29. 29. The Digestive System
  30. 30. Sites of Secretion, Digestion, and Absorption
  31. 31.  Different nutrients leave the stomach at different rates: —Carbohydrates first, followed by protein, fat, and fibrous foods
  32. 32. Secretion Enzyme Substrate Action Saliva Ptyalin Starch Hydrolysis to form dextrins Gastric juice Pepsin Protein Hydrolysis of peptide bonds Gastric lipase Fats Hydrolysis into free fatty acids Final Product
  33. 33. Secretion Enzyme Substrate Action Final Product Pancreatic exocrine secretion Lipase Fat Hydrolysis to monoglycerides Fatty acids Cholesterol esterase Cholesterol Hydrolysis to Cholesesters of terol cholesterol and fatty acids alphaAmylase Starch, dextrins Hydrolysis Dextrin, maltose
  34. 34. Secretion Enzyme Substrate Action Final Product Pancreatic exocrine secretion Trypsin Protein Hydrolysis Polypeptides Chymotrypsin Protein Hydrolysis Polypeptides Carboxypeptidase Polypeptides Hydrolysis Amino acids Ribonuclease Ribonu-cleic Hydrolysis Monoacids nucleotides Elastase Fibrous protein Hydrolysis Amino acids
  35. 35. Secretion Enzyme Substrate Action Brush border enzymes Carboxypeptidase; aminopeptidase; dipeptidase Polypep-tides Hydrolysis Enterokinase Trypsino-gen Activates to Polypeptrypsin tidases and peptides Sucrase Sucrose Hydrolysis Final Product Amino acids Glucose, fructose
  36. 36. Secretion Enzyme Substrate Action Final Product Brush border enzymes Isomaltase Dextrin Hydrolysis Glucose Maltase Maltose Hydrolysis Glucose Lactase Lactose Hydrolysis Glucose, galactose Nucleotidases Nucleic acid Hydrolysis Nucleotides Nucleosidases and phosphorylase Nucleosidases Hydrolysis Purine and pyrimidine bases
  37. 37.  92% to 97% of the diet is absorbed  Small intestine—key role in digestion and absorption  Intestines: 7 meters long —Villi and microvilli/brush border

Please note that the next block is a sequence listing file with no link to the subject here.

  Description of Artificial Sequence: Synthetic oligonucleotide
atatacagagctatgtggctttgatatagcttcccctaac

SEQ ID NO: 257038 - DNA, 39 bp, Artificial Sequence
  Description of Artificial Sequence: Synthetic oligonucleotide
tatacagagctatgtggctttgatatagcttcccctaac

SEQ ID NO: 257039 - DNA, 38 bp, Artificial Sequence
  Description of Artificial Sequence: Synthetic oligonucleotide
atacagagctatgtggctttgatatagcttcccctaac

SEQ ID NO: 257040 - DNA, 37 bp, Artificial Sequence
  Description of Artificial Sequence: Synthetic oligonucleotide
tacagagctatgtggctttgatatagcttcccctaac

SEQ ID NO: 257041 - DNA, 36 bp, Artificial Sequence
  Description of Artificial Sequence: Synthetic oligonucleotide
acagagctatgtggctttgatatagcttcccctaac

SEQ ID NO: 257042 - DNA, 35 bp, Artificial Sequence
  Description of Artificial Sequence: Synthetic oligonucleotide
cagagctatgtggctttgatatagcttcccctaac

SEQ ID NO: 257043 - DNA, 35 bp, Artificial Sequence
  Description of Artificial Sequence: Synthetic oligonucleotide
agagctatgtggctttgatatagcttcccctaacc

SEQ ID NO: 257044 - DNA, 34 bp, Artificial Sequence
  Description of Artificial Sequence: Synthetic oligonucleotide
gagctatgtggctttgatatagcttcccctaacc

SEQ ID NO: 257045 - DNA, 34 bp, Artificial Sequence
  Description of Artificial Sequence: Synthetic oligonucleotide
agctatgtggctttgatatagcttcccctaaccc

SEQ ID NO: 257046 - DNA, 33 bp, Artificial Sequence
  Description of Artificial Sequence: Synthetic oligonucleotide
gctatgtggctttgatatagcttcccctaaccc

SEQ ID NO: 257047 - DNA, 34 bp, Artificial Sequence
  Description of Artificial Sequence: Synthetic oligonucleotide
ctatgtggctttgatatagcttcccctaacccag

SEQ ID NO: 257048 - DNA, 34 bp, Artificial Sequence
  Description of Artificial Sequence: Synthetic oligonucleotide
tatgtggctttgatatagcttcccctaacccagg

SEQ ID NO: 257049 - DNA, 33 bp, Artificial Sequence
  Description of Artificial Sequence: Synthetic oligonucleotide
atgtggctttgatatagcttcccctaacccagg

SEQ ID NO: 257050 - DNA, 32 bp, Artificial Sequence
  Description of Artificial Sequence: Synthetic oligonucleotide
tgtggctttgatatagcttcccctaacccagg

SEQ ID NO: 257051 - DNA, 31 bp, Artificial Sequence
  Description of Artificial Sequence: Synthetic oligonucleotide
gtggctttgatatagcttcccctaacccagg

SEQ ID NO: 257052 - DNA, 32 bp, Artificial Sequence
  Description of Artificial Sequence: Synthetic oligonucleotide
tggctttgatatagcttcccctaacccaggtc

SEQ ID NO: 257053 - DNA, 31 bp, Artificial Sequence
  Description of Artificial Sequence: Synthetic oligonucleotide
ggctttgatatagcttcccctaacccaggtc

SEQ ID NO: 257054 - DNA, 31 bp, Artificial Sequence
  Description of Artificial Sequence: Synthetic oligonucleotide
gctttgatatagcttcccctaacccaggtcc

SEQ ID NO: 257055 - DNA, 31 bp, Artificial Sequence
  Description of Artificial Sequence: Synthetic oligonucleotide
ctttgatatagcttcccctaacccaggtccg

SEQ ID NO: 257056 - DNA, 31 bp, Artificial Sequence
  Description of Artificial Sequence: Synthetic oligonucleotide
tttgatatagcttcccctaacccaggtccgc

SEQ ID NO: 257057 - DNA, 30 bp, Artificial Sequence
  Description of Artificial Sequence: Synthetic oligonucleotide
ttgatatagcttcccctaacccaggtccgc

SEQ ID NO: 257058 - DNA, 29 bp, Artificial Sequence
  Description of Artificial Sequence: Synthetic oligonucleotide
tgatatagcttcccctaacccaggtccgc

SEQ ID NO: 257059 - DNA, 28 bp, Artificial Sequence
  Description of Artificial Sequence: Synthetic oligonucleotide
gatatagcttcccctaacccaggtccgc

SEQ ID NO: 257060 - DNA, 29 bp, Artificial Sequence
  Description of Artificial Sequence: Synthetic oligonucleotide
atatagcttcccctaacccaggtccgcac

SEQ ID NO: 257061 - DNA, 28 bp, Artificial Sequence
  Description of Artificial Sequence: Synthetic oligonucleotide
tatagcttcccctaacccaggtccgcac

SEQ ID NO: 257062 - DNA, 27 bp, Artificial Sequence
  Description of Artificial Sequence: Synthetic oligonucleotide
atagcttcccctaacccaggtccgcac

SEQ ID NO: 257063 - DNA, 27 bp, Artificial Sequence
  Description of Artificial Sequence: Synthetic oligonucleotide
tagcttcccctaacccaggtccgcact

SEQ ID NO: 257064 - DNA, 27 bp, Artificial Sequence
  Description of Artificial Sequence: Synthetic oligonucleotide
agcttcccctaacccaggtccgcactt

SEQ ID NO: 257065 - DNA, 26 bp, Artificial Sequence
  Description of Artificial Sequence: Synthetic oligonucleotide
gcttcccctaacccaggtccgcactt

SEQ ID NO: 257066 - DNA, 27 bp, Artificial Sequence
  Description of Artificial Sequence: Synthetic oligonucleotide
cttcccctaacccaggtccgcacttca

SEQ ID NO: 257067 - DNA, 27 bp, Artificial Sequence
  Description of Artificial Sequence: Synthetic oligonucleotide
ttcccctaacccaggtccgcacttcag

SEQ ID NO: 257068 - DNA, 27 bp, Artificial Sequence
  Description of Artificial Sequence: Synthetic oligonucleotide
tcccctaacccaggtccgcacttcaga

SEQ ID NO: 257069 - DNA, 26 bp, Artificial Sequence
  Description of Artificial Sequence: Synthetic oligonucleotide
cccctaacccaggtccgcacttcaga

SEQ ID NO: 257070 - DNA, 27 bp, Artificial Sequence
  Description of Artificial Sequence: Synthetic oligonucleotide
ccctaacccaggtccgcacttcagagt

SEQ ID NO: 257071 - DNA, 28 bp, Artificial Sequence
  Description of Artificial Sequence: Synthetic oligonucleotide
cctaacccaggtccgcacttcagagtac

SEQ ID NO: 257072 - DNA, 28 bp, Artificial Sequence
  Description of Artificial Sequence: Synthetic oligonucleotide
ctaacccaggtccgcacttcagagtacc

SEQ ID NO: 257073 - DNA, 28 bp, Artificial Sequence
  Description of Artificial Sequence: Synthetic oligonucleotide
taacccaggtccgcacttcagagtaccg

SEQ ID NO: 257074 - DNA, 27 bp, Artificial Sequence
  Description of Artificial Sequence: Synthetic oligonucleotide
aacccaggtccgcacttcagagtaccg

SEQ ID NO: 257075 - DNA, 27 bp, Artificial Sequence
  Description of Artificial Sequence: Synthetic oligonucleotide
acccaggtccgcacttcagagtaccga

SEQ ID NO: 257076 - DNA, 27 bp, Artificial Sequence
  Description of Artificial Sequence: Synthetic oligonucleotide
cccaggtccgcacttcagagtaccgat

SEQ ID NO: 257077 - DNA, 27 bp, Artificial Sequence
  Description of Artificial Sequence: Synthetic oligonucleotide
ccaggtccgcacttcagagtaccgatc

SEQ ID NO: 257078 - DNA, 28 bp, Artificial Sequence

38. 38. Villi of the Human Intestine
  39. 39.  GI tract compromised after starvation  Feeding results in cellular proliferation, which restores normal gastrointestinal architecture and function after a few days
  40. 40.  The major portion of fat digestion takes place in the small intestine as a result of pancreatic lipase
  41. 41. Summary of Fat Absorption
  42. 42. Transport Pathways through the Cell Membrane
  43. 43.  5 feet long  Bacterial action to produce gases and organic acids  Nutrients formed here—vitamin K, thiamin, vitamin B12, riboflavin
  44. 44. The Gradual Breakdown of Large Starch Molecules
  45. 45. Process of Digestion of Carbohydrate
  46. 46. Sites of Secretion and Absorption into Gastrointestinal Tract
  47. 47.  Alpha-aminobutyric acid: relaxes LES  Norepinephrine: decreases motility, increases contractions of sphincters, inhibits secretions  Acetylcholine: increases motility, relaxes sphincters, stimulates secretions
  48. 48.  Neurotensin: inhibits release of gastric emptying and acid secretion  Neuropeptide-Y: stimulates feeding behavior
  49. 49.  Released from gastric mucosa and duodenum in presence of peptides and amino acids; stimulates secretion of hydrochloric acid and pepsinogen; increases gastric antral motility, increases LES tone
  50. 50.  Secretin: from duodenal mucosa in presence of acid in small intestine; stimulates pancreas to secrete water and bicarb; also insulin and pancreatic enzymes
  51. 51.  Released from proximal small bowel in presence of peptices, amino acids, fat, HCL, stimulates pancreas to release pancreatic enzymes
  52. 52.  Released from small intestine in presence of glucose and fat; inhibits gastrin-stimulated release of gastric acid
  53. 53.  Released from stomach and small and large intestine in presence of biliary and pancreatic secretions; promotes gastric emptying and increases GI motility
  54. 54.  Released from stomach, pancreas, and upper small intestine in presence of acidity and products of protein and fat digestion; inhibits release of gastrin, motilin, and pancreatic secretions; decreases motility of GI tract
  55. 55.  It’s important to know the physiology and function of the GI tract in order to understand the implications of pathophysiology